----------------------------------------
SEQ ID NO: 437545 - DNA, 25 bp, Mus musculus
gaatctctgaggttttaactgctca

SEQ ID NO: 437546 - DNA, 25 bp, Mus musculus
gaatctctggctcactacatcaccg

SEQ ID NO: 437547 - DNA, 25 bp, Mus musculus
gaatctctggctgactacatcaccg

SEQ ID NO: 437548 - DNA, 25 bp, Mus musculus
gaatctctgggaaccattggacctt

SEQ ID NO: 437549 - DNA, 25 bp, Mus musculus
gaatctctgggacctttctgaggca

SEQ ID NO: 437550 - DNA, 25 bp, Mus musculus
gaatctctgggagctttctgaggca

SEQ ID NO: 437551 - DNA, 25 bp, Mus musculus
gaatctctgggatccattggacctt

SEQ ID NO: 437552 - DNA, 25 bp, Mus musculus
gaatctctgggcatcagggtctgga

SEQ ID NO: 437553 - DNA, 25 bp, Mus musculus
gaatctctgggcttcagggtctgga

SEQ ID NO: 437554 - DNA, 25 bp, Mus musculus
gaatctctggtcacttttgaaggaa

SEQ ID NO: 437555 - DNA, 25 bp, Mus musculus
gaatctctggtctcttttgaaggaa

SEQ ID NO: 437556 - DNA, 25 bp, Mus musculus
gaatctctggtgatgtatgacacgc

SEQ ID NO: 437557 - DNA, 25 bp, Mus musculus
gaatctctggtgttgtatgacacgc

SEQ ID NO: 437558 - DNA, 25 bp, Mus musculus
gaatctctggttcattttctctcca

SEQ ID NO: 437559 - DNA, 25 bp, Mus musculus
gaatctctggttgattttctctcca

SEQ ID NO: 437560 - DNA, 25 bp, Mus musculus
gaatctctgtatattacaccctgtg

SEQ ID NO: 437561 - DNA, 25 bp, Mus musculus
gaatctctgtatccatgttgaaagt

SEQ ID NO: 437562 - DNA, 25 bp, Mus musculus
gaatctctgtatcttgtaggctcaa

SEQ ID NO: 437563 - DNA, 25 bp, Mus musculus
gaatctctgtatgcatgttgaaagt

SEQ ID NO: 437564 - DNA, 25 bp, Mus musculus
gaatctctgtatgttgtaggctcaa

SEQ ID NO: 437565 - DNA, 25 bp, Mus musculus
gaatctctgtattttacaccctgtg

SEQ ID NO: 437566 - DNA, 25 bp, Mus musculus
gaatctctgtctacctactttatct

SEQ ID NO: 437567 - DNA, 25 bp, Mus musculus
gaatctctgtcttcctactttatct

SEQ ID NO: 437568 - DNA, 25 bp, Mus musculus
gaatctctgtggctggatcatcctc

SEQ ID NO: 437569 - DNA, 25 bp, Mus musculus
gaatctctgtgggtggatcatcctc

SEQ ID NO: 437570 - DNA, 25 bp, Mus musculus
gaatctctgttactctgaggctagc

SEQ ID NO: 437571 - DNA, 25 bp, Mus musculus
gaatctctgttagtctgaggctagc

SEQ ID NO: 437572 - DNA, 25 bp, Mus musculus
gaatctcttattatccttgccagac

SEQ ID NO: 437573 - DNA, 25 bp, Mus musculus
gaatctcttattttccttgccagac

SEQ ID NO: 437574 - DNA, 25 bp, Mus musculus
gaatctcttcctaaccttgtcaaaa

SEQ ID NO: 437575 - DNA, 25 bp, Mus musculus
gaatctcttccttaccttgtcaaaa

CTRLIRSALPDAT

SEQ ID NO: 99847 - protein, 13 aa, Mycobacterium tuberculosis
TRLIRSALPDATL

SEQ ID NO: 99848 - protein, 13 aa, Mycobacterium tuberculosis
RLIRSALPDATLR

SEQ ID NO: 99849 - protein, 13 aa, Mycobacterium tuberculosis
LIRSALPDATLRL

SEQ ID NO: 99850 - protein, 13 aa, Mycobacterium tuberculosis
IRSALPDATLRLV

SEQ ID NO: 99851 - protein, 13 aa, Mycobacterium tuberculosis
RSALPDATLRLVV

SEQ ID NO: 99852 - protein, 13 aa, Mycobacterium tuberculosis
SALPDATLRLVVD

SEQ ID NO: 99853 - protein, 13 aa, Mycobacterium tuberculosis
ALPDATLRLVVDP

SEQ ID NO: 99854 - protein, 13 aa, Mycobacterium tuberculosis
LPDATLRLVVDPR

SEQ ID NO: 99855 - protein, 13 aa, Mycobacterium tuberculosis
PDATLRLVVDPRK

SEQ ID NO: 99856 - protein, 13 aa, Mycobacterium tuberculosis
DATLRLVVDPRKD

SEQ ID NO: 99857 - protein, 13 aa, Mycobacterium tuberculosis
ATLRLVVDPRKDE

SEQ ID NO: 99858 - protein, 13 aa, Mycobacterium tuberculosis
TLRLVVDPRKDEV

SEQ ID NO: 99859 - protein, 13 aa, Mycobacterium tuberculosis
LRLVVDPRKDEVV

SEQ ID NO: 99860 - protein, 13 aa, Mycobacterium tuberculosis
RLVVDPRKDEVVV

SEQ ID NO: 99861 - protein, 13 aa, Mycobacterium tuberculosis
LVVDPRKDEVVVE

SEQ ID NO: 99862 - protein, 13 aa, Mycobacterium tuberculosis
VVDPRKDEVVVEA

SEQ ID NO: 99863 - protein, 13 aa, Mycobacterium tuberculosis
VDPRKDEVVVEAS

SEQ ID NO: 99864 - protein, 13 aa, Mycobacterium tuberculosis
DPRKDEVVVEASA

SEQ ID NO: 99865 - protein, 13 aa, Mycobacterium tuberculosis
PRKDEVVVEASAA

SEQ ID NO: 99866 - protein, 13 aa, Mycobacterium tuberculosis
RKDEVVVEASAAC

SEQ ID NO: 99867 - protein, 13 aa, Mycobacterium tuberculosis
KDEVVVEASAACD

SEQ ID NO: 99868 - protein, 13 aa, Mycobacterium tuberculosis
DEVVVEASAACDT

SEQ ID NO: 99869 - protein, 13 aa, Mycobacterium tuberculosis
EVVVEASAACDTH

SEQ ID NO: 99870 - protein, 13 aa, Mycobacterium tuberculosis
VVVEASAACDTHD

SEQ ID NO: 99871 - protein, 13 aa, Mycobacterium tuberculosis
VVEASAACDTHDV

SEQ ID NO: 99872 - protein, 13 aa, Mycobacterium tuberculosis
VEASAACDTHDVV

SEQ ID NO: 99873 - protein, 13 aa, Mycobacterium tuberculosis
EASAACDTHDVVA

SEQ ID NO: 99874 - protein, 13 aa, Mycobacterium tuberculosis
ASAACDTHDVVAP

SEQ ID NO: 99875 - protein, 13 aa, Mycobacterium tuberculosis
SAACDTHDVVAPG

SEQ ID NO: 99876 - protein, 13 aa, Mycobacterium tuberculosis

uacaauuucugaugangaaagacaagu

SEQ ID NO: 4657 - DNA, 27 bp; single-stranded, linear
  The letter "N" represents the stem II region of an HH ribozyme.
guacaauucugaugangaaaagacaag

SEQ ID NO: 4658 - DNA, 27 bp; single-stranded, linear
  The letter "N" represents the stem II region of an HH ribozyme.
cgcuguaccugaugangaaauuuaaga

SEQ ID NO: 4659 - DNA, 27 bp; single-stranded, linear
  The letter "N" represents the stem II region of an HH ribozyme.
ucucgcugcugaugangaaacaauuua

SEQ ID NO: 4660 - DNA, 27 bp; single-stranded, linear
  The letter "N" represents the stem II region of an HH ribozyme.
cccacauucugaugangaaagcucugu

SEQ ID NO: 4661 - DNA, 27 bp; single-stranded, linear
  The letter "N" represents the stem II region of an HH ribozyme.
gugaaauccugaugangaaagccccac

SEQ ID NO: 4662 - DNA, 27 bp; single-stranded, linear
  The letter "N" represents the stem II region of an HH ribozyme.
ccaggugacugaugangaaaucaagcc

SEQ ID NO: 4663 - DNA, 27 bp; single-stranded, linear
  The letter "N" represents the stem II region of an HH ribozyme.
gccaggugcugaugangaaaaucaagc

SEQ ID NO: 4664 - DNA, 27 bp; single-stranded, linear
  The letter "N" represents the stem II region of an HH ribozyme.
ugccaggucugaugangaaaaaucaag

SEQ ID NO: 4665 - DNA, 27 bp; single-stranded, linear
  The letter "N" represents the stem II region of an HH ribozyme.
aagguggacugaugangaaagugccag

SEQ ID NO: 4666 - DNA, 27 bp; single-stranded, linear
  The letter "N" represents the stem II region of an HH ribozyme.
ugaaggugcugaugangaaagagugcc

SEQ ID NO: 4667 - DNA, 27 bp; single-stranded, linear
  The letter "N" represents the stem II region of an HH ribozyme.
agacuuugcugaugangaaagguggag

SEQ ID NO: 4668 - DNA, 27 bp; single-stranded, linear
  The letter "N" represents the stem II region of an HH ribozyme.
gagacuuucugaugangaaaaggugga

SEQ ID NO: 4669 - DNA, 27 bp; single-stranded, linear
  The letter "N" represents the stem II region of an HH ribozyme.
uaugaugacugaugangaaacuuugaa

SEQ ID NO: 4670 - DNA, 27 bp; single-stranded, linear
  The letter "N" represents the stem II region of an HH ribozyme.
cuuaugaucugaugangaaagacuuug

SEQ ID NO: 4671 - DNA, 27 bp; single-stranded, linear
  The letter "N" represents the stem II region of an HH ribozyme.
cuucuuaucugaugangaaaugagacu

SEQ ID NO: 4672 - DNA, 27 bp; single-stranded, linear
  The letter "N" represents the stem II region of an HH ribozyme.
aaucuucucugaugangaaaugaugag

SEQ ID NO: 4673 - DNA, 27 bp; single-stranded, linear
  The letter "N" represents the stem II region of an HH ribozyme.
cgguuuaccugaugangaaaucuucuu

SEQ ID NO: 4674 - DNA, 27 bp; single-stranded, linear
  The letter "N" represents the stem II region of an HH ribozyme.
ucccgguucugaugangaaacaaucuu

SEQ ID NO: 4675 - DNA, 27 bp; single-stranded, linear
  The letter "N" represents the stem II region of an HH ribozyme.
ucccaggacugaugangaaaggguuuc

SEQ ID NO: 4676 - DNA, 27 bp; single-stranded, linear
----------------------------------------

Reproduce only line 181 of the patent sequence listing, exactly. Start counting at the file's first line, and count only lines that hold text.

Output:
SEQ ID NO: 4676 - DNA, 27 bp; single-stranded, linear